Long before the Roulette wheel was invented by Blaise Pascal in 1655, the culture of the European Middle Ages had the concept of the Wheel Of Fortune, which underpinned the world of Medieval gambling.
The Wheel of Fortune was better known then by its Latin name Rota Fortunae, and was a philosophical concept that embodied the ups and downs of one’s Fate. Not only did it represent gambling and gaming but it illustrated that all of life was a game whose outcome was beyond the control of the players inside of it.
These days we are more likely to come across the Wheel of Fortune game show, but the term itself is actually gleaned from the Tarot card Wheel Of Fortune, which is part of the Major Arcana section of the Tarot deck. The Major Arcana is the section of the Tarot deck that has the famous concept cards like Death or The Lovers, and represents large arcs of meaning or the ‘divine’ influence over a person’s life, whereas the Minor Arcana (where the common deck of cards is derived from) would describe the smaller day-to-day events that the individual’s free will is in control of.
The division of the Tarot deck is symbolic of the way Medieval people viewed their world. While everyday decisions were up to each man, their overall fate was governed by forces outside their control. Christianity went hand in hand with mysticism in this view, especially in the lower classes of society, where Pagan practices such as fortune telling were more acceptable than in the aristocracy.
The Wheel of Fortune was attributed to the Roman goddess Fortuna, and a human being’s fate was attached to the wheel which she spun at random. When the person settled on the top their luck was good and fortune would smile upon them; when they landed at the bottom their fortune was bad.
While this may seem somewhat disempowering compared to the secular view of the universe that Western civilization has now, it may also be seen as a slightly healthier approach to life. Instead of believing that through hard work and perseverance they could control everything (therefore attributing any failure to personal weakness or incompetence), the Medieval perception of reality was that no matter how hard you tried, if the Wheel of Fortune spun you towards the bottom of the world there was nothing you could do about it – because it wasn’t up to you, you just had to do the best you could with your lot in life. This mix of divine influence and individual freedom made the Medieval culture quite interesting, and informed the view of many forms of entertainment in everyday life.
While there were many forms of wholesome entertainment in the Middle Ages, such as music, archery and chess, gambling was quite popular amongst both the higher classes and the lower classes of society. Gambling as we know it today is dominated by electronics, from slot machines to entire virtual casinos you can get online. But back in Medieval times the most complex tools used to gamble with were a pack of cards and a pair of dice.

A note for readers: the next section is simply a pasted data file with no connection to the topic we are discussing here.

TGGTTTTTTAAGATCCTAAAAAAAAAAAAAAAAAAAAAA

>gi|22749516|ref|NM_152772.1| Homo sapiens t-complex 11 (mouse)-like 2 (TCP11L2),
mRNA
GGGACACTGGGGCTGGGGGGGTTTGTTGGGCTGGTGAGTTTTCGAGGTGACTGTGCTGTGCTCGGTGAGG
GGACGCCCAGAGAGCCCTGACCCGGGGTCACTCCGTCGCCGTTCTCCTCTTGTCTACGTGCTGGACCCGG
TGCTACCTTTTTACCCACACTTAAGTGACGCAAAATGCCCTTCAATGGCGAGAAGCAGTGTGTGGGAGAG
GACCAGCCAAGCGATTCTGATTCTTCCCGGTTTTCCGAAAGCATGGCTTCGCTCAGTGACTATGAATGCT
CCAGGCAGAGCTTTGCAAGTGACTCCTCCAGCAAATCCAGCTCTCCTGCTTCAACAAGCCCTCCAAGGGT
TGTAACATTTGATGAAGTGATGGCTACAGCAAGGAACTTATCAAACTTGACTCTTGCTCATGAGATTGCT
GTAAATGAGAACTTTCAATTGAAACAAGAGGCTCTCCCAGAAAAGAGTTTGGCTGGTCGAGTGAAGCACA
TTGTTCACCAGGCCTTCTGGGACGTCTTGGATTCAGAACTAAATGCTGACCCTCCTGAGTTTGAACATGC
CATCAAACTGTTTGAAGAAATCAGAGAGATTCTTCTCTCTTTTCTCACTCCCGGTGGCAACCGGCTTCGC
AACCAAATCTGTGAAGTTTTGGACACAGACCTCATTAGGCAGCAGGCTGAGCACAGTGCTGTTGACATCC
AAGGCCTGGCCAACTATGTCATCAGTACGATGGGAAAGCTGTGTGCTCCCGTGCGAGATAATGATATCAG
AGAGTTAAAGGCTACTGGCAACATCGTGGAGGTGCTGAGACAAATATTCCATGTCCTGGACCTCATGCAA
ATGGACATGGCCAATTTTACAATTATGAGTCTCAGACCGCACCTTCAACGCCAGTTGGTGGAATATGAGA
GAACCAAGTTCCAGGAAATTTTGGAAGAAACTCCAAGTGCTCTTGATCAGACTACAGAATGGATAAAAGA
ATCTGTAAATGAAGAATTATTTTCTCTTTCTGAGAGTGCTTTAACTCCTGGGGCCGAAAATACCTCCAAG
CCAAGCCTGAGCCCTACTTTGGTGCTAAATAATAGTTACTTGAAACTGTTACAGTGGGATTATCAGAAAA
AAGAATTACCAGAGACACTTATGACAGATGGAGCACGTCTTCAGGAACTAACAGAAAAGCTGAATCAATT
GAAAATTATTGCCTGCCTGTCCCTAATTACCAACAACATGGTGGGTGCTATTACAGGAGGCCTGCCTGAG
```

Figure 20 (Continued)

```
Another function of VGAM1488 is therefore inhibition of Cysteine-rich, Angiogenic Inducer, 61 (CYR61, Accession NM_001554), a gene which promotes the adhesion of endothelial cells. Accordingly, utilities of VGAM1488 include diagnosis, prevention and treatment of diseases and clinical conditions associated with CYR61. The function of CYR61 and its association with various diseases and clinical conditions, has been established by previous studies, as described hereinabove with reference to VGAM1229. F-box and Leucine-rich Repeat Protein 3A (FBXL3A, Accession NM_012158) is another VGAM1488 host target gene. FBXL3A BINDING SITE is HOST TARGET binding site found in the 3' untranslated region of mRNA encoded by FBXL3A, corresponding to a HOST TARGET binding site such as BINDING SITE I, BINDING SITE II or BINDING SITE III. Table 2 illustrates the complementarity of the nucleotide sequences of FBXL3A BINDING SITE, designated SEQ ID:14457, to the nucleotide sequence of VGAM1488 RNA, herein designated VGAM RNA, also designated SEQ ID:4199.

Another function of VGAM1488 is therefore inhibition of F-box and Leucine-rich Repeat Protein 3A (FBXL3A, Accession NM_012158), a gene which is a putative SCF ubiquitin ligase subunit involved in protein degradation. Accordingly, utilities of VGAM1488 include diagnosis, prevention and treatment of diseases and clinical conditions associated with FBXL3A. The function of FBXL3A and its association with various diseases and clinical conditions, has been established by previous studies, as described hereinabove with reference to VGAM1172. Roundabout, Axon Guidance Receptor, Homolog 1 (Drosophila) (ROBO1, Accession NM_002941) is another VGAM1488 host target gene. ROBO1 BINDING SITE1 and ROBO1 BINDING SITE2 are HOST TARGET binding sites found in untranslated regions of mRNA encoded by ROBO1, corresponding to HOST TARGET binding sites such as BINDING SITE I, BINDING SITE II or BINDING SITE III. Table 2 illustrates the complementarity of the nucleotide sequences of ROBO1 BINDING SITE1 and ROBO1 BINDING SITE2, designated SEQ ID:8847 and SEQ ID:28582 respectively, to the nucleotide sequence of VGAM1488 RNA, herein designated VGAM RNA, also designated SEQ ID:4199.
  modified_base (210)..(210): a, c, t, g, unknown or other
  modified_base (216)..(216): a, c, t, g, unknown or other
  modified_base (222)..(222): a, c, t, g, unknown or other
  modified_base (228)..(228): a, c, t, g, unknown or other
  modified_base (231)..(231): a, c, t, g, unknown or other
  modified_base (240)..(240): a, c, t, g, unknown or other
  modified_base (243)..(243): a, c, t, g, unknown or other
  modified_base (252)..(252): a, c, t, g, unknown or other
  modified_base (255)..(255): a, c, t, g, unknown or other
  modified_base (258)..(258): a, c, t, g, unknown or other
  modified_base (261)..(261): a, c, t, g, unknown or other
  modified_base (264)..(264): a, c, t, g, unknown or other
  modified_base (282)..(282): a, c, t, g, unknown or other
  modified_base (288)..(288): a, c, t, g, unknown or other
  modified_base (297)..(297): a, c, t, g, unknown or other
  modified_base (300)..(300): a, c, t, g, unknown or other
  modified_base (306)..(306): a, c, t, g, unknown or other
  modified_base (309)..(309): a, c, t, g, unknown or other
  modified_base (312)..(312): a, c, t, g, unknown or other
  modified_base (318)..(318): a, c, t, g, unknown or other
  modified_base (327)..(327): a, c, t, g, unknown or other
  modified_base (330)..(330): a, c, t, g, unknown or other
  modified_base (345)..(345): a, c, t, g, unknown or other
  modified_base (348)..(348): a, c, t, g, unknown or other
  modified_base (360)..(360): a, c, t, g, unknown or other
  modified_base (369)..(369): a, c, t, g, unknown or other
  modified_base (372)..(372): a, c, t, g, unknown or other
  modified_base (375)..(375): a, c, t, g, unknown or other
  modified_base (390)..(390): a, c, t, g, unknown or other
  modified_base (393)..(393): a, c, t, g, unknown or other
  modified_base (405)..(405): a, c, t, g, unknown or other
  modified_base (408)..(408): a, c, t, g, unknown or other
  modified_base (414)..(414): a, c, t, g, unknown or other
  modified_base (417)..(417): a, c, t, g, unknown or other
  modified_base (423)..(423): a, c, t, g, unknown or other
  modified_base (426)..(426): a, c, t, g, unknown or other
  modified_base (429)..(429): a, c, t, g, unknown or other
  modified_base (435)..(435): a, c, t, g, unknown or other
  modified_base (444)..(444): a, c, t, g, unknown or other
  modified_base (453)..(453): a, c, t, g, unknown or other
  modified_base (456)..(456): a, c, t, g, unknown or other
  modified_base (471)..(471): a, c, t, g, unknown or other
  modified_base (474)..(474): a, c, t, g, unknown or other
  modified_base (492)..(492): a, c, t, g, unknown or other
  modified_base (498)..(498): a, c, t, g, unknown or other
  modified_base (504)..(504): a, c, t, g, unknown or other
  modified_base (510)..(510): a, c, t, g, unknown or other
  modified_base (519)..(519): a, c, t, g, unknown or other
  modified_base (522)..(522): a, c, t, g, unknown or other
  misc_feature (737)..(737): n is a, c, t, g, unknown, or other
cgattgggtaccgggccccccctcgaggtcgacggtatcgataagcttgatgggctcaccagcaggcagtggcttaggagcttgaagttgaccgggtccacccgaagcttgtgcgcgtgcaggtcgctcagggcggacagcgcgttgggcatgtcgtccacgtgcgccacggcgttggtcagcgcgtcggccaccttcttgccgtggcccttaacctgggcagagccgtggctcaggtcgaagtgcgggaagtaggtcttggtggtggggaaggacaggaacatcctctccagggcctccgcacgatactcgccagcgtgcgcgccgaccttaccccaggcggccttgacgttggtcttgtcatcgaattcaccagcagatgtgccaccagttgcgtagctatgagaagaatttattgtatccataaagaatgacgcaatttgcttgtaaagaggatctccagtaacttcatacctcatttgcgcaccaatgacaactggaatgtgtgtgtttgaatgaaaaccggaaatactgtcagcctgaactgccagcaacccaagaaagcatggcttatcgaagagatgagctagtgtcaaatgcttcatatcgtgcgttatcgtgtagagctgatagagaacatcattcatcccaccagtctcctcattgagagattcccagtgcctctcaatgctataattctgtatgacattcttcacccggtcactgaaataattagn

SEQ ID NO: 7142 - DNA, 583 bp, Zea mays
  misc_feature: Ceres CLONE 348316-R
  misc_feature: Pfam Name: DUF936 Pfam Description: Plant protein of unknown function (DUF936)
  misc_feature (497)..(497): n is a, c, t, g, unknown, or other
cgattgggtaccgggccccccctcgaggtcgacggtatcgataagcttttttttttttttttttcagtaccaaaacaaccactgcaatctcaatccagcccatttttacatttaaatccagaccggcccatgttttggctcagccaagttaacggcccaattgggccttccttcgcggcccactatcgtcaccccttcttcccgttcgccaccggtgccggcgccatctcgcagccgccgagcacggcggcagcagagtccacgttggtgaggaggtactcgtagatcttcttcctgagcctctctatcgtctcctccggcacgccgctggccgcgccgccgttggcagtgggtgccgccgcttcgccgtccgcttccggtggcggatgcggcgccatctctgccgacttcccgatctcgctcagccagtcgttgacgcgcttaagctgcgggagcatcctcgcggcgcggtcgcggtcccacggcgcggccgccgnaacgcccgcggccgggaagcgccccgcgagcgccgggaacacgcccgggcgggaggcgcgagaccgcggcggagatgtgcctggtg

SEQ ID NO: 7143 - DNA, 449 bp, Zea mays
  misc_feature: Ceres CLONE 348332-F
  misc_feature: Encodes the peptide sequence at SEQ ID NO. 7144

Dice games were quite popular with the lower classes and where often called “knuckle bones” because the dice themselves were carved from the knuckle bones of a pig. The expression ‘throw them bones’ is still around even though bone-carved dice have gone out of use many years ago.
The most common dice game of today is Craps, and its ancestor was the Medieval game Hazard, which was brought over from the Arab world by English crusaders. Hazard was a far more complicated game than Craps because while in Craps has established numbers for winning, losing or establishing a point, whereas in Hazard the player chooses his own winning number (then called the main) and had to throw it before he throws out (or as Craps calls it, sevening out.) Hazard was not played with a marked table like Craps is today, and the players all bet on the shooter winning their point before rolling the losing numbers. This mobility meant that Hazard could spread throughout Medieval Europe with minimal fuss, and it branched out into other games such as Grand Hazard (which used three dice and was even more complicated,) and the ancestor of the modern game Sic Bo.
Chaucer refers to Hazard in The Canterbury Tales, where he describes a situation “set upon six and seven” as putting one’s entire life fortune on the outcome of a single dice throw. Culturally speaking, while gambling was common and generally accepted by both higher and lower classes of society, it was frowned upon by Christian and Jewish religious authorities, who especially disliked that loaded dice were used in many games of Hazards to cheat players out of their money.
Gambling in the Middle Ages was not entirely legal either. There were restrictions passed in the Third Crusade to limit gambling amongst King Richard The Lion-Hearted’s troops. The knights and clergymen amongst the crusaders were allowed to play dice games but were to be cut off once they lost more than twenty shillings. The foot soldiers were not allowed to gamble at all. Later in the twelfth century, a seemingly bizarre law was passed in England forbidding masked men to arrive at people’s houses for a dice game during Christmas.
Medieval aristocrats enjoyed card games which were often played for money. Incredibly intricate and artistic cards were painted or carved out of thin slivers of wood for the higher classes to gamble with. These games were played with either a regular playing deck or a full Tarot deck. Games that we know such as Poker and Baccarat evolved throughout Medieval times, from the French Poque and the Tarot game Zero respectively.
Medieval Europe was a fascinating moment in history, and its gambling facet was no exception. Though there were many variations of gambling games throughout society, it was all underpinned by the idea of the Wheel of Fortune, which insisted that life itself was one big gamble.